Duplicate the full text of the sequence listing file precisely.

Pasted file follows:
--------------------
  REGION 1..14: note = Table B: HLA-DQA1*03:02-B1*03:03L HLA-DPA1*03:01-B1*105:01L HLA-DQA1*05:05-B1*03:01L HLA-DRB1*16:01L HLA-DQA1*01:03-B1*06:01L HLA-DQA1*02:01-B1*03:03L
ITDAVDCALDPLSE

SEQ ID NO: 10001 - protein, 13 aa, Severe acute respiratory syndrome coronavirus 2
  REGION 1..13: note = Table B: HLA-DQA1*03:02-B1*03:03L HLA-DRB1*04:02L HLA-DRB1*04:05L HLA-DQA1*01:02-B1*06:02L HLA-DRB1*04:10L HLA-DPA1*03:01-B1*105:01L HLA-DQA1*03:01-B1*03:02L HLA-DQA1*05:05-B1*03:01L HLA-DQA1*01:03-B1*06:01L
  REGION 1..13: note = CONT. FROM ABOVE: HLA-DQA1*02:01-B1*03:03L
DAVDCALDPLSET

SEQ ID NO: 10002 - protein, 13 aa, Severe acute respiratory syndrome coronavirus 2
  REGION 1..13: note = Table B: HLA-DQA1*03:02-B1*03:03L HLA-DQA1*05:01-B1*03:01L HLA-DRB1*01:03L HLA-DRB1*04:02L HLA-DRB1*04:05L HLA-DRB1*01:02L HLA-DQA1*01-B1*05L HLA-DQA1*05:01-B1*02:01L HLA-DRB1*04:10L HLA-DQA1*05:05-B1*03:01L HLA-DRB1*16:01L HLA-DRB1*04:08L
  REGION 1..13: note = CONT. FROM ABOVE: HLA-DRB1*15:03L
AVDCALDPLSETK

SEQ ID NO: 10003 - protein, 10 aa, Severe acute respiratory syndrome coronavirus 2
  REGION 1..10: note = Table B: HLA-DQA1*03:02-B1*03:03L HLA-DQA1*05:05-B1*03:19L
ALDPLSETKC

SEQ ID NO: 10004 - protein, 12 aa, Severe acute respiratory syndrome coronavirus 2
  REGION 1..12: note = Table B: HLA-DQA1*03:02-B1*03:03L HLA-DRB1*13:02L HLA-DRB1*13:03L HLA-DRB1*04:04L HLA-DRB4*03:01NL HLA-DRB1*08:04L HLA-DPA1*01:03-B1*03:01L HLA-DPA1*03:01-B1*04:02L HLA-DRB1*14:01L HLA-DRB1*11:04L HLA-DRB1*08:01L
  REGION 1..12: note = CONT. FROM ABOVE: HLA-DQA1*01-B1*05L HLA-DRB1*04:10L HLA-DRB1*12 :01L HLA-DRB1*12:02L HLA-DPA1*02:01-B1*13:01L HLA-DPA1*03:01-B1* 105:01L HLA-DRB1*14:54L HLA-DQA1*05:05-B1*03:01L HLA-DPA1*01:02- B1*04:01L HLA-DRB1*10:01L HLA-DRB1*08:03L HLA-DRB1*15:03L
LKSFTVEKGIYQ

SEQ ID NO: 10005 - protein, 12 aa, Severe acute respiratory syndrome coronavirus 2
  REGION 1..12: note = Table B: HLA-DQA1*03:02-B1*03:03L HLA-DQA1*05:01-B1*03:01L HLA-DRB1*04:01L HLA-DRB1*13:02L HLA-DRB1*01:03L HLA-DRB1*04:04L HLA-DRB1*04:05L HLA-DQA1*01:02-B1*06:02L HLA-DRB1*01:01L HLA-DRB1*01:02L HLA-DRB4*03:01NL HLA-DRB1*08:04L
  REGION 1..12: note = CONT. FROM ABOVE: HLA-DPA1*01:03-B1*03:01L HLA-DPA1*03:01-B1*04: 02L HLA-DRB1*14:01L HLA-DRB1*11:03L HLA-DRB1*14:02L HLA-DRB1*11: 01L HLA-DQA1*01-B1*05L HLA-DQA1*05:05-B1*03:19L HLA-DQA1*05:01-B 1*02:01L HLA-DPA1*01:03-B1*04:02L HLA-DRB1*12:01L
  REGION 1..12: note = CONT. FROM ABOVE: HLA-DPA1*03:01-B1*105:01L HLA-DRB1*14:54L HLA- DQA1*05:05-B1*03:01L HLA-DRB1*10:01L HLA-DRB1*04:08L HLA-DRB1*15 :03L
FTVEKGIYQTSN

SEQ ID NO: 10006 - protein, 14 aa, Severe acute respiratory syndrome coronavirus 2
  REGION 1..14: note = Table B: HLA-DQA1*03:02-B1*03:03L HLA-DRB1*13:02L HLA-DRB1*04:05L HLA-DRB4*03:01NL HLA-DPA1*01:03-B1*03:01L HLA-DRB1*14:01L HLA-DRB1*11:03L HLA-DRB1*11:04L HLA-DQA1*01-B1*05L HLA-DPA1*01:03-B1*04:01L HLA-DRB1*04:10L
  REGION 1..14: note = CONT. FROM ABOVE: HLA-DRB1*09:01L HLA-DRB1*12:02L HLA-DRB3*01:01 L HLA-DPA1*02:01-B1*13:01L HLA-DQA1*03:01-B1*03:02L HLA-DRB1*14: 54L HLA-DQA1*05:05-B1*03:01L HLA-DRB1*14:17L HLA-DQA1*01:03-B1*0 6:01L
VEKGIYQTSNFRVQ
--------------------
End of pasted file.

  REGION 1..14: note = Table B: HLA-DQA1*03:02-B1*03:03L HLA-DPA1*03:01-B1*105:01L HLA-DQA1*05:05-B1*03:01L HLA-DRB1*16:01L HLA-DQA1*01:03-B1*06:01L HLA-DQA1*02:01-B1*03:03L
ITDAVDCALDPLSE

SEQ ID NO: 10001 - protein, 13 aa, Severe acute respiratory syndrome coronavirus 2
  REGION 1..13: note = Table B: HLA-DQA1*03:02-B1*03:03L HLA-DRB1*04:02L HLA-DRB1*04:05L HLA-DQA1*01:02-B1*06:02L HLA-DRB1*04:10L HLA-DPA1*03:01-B1*105:01L HLA-DQA1*03:01-B1*03:02L HLA-DQA1*05:05-B1*03:01L HLA-DQA1*01:03-B1*06:01L
  REGION 1..13: note = CONT. FROM ABOVE: HLA-DQA1*02:01-B1*03:03L
DAVDCALDPLSET

SEQ ID NO: 10002 - protein, 13 aa, Severe acute respiratory syndrome coronavirus 2
  REGION 1..13: note = Table B: HLA-DQA1*03:02-B1*03:03L HLA-DQA1*05:01-B1*03:01L HLA-DRB1*01:03L HLA-DRB1*04:02L HLA-DRB1*04:05L HLA-DRB1*01:02L HLA-DQA1*01-B1*05L HLA-DQA1*05:01-B1*02:01L HLA-DRB1*04:10L HLA-DQA1*05:05-B1*03:01L HLA-DRB1*16:01L HLA-DRB1*04:08L
  REGION 1..13: note = CONT. FROM ABOVE: HLA-DRB1*15:03L
AVDCALDPLSETK

SEQ ID NO: 10003 - protein, 10 aa, Severe acute respiratory syndrome coronavirus 2
  REGION 1..10: note = Table B: HLA-DQA1*03:02-B1*03:03L HLA-DQA1*05:05-B1*03:19L
ALDPLSETKC

SEQ ID NO: 10004 - protein, 12 aa, Severe acute respiratory syndrome coronavirus 2
  REGION 1..12: note = Table B: HLA-DQA1*03:02-B1*03:03L HLA-DRB1*13:02L HLA-DRB1*13:03L HLA-DRB1*04:04L HLA-DRB4*03:01NL HLA-DRB1*08:04L HLA-DPA1*01:03-B1*03:01L HLA-DPA1*03:01-B1*04:02L HLA-DRB1*14:01L HLA-DRB1*11:04L HLA-DRB1*08:01L
  REGION 1..12: note = CONT. FROM ABOVE: HLA-DQA1*01-B1*05L HLA-DRB1*04:10L HLA-DRB1*12 :01L HLA-DRB1*12:02L HLA-DPA1*02:01-B1*13:01L HLA-DPA1*03:01-B1* 105:01L HLA-DRB1*14:54L HLA-DQA1*05:05-B1*03:01L HLA-DPA1*01:02- B1*04:01L HLA-DRB1*10:01L HLA-DRB1*08:03L HLA-DRB1*15:03L
LKSFTVEKGIYQ

SEQ ID NO: 10005 - protein, 12 aa, Severe acute respiratory syndrome coronavirus 2
  REGION 1..12: note = Table B: HLA-DQA1*03:02-B1*03:03L HLA-DQA1*05:01-B1*03:01L HLA-DRB1*04:01L HLA-DRB1*13:02L HLA-DRB1*01:03L HLA-DRB1*04:04L HLA-DRB1*04:05L HLA-DQA1*01:02-B1*06:02L HLA-DRB1*01:01L HLA-DRB1*01:02L HLA-DRB4*03:01NL HLA-DRB1*08:04L
  REGION 1..12: note = CONT. FROM ABOVE: HLA-DPA1*01:03-B1*03:01L HLA-DPA1*03:01-B1*04: 02L HLA-DRB1*14:01L HLA-DRB1*11:03L HLA-DRB1*14:02L HLA-DRB1*11: 01L HLA-DQA1*01-B1*05L HLA-DQA1*05:05-B1*03:19L HLA-DQA1*05:01-B 1*02:01L HLA-DPA1*01:03-B1*04:02L HLA-DRB1*12:01L
  REGION 1..12: note = CONT. FROM ABOVE: HLA-DPA1*03:01-B1*105:01L HLA-DRB1*14:54L HLA- DQA1*05:05-B1*03:01L HLA-DRB1*10:01L HLA-DRB1*04:08L HLA-DRB1*15 :03L
FTVEKGIYQTSN

SEQ ID NO: 10006 - protein, 14 aa, Severe acute respiratory syndrome coronavirus 2
  REGION 1..14: note = Table B: HLA-DQA1*03:02-B1*03:03L HLA-DRB1*13:02L HLA-DRB1*04:05L HLA-DRB4*03:01NL HLA-DPA1*01:03-B1*03:01L HLA-DRB1*14:01L HLA-DRB1*11:03L HLA-DRB1*11:04L HLA-DQA1*01-B1*05L HLA-DPA1*01:03-B1*04:01L HLA-DRB1*04:10L
  REGION 1..14: note = CONT. FROM ABOVE: HLA-DRB1*09:01L HLA-DRB1*12:02L HLA-DRB3*01:01 L HLA-DPA1*02:01-B1*13:01L HLA-DQA1*03:01-B1*03:02L HLA-DRB1*14: 54L HLA-DQA1*05:05-B1*03:01L HLA-DRB1*14:17L HLA-DQA1*01:03-B1*0 6:01L
VEKGIYQTSNFRVQ